WHAT’S FOR DINNER?

We are still enjoying “fresh” tomatoes & peppers from the garden in December!

In the kitchen there’s an old time vegetable cooler which was a useful commodity to homes in 1917 in the pre-fridge” era. The cooler was the “cooler” of its day.

It outwardly appears to be an ordinary kitchen cabinet but the shelves inside are made of wire mesh. At the bottom, there is a vent opening into the cellar and at the top, an opening to the attic. This allows a natural cooling air flow which is a very sensible arrangement that has all been forgotten by modern builders.

We use it to store veggies and fruits in. As a matter of fact, for a few years we had lived without a refrigerator (more because we had to for financial reasons). It was hard in that we had to go to the store almost every other day for things such as butter and cheese (which was not very easy on our side of town). But it was a very interesting learning experience – teaching us planning and frugality.

A few years ago we had to purchase a fridge for the edible flower/produce business so we bought an Energy Star model. It’s much bigger than what we need for our personal use – could definitely get by with a much smaller model, but at least it doesn’t use much energy.
Pot-in-Pot “refridge”: Here’s a nonelectric method of refrigeration that works with two clay potsand some wet sand. {Tipster: Sharon}

It’s finally soup weather! For the past few days we’ve been enjoying creamy winter squash soup made from our winter squash — of course.

Rain! There’s a 70% chance of rain today and we definitely need it.  With the backyard in the state it’s in (piles of dirt and broken concrete) we hope the rain won’t make it too sloppy and muddy so we can resume work on Sunday.

Comments(7)

  1. dermot says:

    The non-electric refrigeration system is amazing! Do you have any plans to build one?

  2. Anais says:

    Hi Dermot

    Hope your trip to SF went well?

    I really would like to try this method. I will have to try and track down some cheap clay pots (in my spare time).

    We could keep a few in the cellar. I think this “appropriate technology” will be vital in the future and something you can add to your survival kit (don’t you think?)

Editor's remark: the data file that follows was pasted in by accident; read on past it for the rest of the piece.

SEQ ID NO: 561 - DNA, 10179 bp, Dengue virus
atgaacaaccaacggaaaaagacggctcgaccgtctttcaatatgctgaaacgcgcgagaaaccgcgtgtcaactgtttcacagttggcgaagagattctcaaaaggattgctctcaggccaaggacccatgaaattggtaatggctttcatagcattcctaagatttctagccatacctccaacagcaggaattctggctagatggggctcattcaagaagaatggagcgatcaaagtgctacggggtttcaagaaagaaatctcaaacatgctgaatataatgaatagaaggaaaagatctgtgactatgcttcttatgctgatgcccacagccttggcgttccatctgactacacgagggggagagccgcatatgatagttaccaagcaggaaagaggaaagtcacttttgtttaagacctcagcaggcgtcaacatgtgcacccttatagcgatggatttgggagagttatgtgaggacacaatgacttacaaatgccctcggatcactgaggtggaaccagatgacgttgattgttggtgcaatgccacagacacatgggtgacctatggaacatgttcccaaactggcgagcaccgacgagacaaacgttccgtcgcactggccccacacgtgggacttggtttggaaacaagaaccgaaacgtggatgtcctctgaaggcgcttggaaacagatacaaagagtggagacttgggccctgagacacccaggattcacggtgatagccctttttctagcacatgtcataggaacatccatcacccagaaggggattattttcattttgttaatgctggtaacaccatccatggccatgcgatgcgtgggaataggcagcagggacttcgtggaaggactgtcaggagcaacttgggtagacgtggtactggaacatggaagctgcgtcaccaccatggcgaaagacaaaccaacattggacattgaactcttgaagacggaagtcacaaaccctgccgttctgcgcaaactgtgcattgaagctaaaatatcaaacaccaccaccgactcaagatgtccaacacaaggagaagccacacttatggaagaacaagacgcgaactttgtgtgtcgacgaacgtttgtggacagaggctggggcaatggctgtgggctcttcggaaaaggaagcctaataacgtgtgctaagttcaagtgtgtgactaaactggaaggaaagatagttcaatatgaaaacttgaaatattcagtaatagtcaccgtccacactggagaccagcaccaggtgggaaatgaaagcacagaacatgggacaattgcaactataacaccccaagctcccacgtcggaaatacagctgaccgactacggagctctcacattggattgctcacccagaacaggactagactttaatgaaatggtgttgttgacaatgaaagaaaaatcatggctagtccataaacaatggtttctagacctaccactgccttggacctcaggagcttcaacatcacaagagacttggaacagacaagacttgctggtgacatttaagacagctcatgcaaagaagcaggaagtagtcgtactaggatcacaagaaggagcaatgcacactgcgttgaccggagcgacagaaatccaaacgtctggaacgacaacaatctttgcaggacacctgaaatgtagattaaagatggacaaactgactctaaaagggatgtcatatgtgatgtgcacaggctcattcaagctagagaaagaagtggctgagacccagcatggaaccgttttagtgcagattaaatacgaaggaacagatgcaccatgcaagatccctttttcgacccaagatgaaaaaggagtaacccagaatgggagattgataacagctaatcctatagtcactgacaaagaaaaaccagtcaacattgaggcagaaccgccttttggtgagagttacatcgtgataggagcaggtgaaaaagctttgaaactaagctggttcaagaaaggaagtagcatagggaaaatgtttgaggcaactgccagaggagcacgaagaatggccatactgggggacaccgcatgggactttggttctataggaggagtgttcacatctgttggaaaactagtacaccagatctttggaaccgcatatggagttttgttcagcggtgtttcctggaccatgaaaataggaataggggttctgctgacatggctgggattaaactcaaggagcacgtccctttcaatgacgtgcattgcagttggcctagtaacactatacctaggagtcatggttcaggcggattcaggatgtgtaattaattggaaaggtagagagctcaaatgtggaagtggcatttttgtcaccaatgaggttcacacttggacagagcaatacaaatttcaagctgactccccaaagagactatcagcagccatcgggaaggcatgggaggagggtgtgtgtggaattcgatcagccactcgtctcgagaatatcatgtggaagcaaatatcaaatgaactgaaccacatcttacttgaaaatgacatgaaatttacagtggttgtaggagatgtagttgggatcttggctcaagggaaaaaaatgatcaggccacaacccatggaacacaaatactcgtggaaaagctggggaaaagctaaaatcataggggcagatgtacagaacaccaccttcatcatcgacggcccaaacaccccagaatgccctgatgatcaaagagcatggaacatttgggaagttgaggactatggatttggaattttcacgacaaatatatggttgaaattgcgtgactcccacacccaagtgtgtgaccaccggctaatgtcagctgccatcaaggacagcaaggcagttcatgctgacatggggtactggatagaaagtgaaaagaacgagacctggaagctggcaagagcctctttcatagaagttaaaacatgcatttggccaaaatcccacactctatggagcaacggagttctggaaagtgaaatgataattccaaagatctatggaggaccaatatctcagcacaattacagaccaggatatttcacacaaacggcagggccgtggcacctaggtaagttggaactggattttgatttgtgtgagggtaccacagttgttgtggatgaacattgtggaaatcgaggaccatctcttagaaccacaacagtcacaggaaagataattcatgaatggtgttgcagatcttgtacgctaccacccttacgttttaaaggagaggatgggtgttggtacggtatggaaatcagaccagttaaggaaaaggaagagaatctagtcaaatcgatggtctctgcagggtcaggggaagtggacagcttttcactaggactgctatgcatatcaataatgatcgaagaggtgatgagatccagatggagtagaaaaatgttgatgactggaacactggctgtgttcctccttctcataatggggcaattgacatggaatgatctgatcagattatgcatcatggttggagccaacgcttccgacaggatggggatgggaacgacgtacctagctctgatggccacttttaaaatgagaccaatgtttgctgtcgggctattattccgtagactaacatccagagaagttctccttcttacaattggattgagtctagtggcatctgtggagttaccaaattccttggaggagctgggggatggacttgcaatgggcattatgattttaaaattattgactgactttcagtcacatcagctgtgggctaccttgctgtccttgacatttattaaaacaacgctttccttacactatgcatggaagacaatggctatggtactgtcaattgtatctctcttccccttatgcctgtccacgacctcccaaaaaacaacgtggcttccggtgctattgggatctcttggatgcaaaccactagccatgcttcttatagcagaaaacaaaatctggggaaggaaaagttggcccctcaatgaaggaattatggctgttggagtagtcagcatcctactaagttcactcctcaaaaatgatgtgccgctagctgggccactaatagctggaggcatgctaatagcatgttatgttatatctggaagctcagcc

3. Roger Gray says:

    For the record, an ice box was an ice box, i.e., an insulated container for ice. What you have described was a sort of kitchen-based root cellar; we had one in our house built in 1940, but our current 1903 house has none — it has an honest to goodness basement, an oddity in California, but a cool place to store food. (If there was another in the house it may have been lost in one of several remodels.)

    I mention this because my grandfather was an ice man in Pasadena as late as the 1920s; he would drive a truck loaded with blocks of ice to homes and carry the ice on his shoulder to to the back porch and put the ice in the ice box — sort of a wooden version of the styrofoam cooler.

    The ice box was, in fact, the precursor of the modern compressor driven refrigerator. In the very old days, ice was cut off of frozen lakes and stored under insulation in an ice house until needed. By the end of the 19th century refrigeration was available — but only on a large scale, such as an ice company or, believe it or not, on board 19th Centuray steam ships that made food runs between South America and Europe with beef.

    Once large scale mechanical production of ice was feasible home ice delivery really took off. We have a comedy club in Pasadena called The Ice House, because, well, it was one. They made ice there for home delivery to ice boxes. We also have a company in Pasadena that still makes ice, now delivered to grocery stores and gas stations, called the Union Ice Company.

    In any case, I still don’t know the proper name for that darn cabinet . . . but I do know an ice box is a little different (grin)

  4. Anais says:

    Roger,

    Thanks for your input. I agree “icebox” was an incorrect word to use to describe this “kitchen cooler.” I stand corrected.

  5. dermot says:

    Yes – the trip to SF was great. I did a lot of walking – 9 miles around Berkeley after the job interview. It would be a great place to live; having said that, I’m pretty happy where I am too, so I’m not too bothered either way.

    I can’t wait to see the clay refrigeration device – I wonder how much supervision it needs? It sounds like someone needs to keep the sand from drying out, which would be a constant chore (assuming it dries out quickly).

  6. Stacey Wilson says:

    I like this pot-in-pot idea. I heard something on the radio the other day – an older man remeniscing about his childhood here in New Zealand. Every house had a “meat safe” – a cupboard built onto the outside of the cold wall of the house, but accessible from the inside, with lots of air ventilation. You can still see where these were in some of the older houses – it’s usually been converted into a window.

    But the thing that caught my attention was him saying that they used to keep butter in wet terracotta pots in the meat-safe and that the latent heat of evaporation meant the butter stayed solid even in summer. These terracotta pots were glazed on the inside but porous on the outside. The two-pot, wet-sand version would slow evaporation I guess which would conserve water – but if you could only find one pot it could be still worth doing.

  7. Anais says:

    Hi Dermot and Stacey

    Thanks for your comments. Right now we have too many projects on the burner so I don’t when we’ll get around to something like this. But this is something we definitely need to have.

    People have lived without electric fridges for many centuries and we are going to have to re-learn these techniques.